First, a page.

My Lords, I do not think that I can, or wish to, add anything to what I have already said on this point. The noble Earl also asked about the staff employed on research and development. There is bound to be a continuing effort on centrifuge research and development for a number of years to come, and there will be close interworking between the staff of the British Nuclear Fuel Company and those who remain with the A.E.A. It is probable that the borderline on research and development between the two organisations may well change.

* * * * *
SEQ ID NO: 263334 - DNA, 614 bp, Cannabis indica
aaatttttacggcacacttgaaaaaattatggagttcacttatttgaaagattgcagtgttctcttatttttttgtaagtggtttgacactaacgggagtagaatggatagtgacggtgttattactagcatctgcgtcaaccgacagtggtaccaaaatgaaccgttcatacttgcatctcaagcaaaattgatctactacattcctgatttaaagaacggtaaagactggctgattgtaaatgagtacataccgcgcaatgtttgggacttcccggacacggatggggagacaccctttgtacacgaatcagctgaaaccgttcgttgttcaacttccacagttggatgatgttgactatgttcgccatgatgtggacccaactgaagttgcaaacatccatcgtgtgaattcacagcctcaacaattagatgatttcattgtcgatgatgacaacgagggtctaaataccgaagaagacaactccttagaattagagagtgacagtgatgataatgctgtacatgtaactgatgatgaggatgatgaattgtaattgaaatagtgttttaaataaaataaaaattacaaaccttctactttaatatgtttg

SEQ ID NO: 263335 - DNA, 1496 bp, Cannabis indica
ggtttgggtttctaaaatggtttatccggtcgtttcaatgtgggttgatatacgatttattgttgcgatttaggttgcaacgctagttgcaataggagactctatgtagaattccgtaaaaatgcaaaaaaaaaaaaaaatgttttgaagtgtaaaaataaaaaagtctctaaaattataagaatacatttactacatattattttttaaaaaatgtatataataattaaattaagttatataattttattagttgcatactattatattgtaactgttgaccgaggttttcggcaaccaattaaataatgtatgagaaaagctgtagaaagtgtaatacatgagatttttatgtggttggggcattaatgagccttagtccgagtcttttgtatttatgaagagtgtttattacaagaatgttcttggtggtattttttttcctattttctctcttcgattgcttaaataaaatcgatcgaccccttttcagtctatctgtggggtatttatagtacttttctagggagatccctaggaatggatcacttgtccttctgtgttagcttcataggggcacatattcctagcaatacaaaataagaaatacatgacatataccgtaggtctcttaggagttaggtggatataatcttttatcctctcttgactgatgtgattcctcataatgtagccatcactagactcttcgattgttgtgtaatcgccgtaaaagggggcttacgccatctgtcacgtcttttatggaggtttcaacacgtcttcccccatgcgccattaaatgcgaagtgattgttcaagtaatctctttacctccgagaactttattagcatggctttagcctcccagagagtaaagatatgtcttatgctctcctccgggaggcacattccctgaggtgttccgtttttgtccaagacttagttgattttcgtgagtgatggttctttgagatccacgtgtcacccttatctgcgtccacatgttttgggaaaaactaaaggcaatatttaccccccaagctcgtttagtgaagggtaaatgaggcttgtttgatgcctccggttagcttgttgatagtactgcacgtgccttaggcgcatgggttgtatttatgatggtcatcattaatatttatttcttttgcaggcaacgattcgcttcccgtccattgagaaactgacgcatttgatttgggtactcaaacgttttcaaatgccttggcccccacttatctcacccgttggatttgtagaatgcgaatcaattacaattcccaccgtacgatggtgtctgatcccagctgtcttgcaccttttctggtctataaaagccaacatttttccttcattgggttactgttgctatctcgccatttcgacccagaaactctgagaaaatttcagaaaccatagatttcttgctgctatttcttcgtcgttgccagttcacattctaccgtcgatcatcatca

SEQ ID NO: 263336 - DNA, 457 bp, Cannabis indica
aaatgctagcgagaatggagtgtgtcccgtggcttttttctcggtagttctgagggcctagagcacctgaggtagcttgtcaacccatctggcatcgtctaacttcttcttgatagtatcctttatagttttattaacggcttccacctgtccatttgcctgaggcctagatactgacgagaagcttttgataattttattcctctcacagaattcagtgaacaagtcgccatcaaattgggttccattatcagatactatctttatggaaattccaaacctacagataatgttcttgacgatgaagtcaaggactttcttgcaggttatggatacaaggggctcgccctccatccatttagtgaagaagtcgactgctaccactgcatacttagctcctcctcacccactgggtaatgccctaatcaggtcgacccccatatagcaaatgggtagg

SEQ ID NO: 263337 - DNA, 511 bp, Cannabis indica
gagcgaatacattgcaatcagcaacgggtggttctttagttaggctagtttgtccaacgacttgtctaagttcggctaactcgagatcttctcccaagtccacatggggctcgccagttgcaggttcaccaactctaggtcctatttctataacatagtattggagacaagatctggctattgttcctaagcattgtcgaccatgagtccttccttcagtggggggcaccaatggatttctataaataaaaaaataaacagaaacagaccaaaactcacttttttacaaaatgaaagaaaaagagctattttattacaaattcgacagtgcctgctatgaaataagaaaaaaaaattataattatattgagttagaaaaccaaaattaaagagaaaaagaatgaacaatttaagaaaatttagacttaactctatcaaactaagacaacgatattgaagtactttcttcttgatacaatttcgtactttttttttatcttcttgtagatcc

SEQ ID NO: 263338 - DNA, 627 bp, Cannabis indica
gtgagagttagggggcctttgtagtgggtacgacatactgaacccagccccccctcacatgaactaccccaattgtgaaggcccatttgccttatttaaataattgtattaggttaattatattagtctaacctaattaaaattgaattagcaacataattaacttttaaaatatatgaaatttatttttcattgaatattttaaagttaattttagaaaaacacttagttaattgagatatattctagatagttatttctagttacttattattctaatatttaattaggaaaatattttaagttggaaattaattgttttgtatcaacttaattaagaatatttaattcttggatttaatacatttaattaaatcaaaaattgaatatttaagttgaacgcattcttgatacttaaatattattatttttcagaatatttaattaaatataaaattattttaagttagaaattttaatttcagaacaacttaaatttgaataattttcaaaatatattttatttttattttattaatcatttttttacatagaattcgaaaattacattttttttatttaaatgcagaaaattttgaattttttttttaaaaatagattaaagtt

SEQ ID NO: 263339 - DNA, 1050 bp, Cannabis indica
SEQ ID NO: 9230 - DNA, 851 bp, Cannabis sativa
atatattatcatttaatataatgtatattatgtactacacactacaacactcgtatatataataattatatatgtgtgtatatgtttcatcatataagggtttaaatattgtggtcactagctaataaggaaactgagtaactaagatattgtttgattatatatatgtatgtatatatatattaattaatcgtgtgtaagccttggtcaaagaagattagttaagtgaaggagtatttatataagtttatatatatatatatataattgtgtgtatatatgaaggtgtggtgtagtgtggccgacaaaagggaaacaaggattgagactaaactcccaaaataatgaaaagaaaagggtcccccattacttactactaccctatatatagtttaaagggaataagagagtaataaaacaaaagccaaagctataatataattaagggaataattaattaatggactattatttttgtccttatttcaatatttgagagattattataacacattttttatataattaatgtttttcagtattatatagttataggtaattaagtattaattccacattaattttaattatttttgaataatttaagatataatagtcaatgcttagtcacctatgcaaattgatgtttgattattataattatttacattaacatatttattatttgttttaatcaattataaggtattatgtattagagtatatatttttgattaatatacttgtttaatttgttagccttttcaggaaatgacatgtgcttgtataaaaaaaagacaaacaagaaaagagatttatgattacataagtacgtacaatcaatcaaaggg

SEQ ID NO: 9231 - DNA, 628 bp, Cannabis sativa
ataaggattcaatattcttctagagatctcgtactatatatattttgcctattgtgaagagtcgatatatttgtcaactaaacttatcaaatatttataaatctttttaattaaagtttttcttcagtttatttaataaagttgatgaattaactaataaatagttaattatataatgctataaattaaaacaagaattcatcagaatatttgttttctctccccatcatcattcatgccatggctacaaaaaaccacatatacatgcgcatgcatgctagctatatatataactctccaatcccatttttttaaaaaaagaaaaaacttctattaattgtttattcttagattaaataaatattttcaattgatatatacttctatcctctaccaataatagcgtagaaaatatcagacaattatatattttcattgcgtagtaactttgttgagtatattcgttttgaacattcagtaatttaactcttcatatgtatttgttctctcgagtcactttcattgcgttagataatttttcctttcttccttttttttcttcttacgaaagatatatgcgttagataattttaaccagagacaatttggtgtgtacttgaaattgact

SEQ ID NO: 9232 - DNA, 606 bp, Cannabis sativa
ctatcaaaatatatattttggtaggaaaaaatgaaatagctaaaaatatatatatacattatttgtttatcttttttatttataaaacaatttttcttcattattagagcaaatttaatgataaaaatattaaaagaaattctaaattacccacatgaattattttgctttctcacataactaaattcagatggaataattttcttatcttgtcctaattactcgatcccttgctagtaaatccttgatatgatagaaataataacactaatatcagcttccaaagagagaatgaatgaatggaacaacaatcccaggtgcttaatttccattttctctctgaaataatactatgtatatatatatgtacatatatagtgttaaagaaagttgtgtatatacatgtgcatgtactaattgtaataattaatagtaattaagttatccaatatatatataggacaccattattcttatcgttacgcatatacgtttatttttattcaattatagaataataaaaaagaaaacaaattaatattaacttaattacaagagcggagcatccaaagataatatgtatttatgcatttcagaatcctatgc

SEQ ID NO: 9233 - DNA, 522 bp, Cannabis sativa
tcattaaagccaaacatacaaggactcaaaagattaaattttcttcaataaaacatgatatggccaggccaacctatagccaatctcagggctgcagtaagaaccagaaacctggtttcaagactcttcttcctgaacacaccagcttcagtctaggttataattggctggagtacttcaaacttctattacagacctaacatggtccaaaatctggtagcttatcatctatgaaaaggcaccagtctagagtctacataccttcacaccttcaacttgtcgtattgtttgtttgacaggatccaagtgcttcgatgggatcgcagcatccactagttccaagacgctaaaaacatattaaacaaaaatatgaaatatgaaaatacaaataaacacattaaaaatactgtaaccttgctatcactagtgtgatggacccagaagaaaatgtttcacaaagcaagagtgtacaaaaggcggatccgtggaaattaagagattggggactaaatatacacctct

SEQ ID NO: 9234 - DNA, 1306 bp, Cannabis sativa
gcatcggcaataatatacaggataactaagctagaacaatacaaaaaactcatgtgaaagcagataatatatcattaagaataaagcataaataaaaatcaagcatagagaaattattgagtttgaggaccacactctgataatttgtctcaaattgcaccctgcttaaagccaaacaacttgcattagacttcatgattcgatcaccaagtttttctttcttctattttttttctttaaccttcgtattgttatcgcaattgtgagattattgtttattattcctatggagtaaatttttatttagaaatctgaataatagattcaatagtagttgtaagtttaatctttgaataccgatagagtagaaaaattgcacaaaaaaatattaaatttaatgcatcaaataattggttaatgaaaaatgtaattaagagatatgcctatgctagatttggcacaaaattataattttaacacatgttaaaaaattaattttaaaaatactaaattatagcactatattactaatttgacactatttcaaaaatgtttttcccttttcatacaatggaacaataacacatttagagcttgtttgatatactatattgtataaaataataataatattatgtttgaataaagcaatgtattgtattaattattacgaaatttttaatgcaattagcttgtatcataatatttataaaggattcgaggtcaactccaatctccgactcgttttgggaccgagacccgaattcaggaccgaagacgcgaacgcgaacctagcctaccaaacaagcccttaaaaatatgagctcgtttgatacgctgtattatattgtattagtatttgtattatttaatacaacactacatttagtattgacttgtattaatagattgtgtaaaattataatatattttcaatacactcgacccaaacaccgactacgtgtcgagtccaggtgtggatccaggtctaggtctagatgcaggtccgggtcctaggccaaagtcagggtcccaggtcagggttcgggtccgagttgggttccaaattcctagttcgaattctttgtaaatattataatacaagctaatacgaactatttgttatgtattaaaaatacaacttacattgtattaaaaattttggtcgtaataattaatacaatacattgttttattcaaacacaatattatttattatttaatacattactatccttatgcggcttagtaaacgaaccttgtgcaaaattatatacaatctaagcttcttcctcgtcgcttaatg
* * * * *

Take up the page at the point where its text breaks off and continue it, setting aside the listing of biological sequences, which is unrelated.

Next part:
The noble Earl addressed himself particularly to two points: to the terms of Clause 11 and to the provisions affecting the staff transferring to the companies. On Clause 11, the noble Lord, Lord Sherfield, who speaks with great experience and authority in this field, also questioned some of the provisions in Clause 11. I offered the view that, quite apart from other reasons, there were security grounds which justified the terms of Clause 11 and the maintenance of the predominant holding in public hands.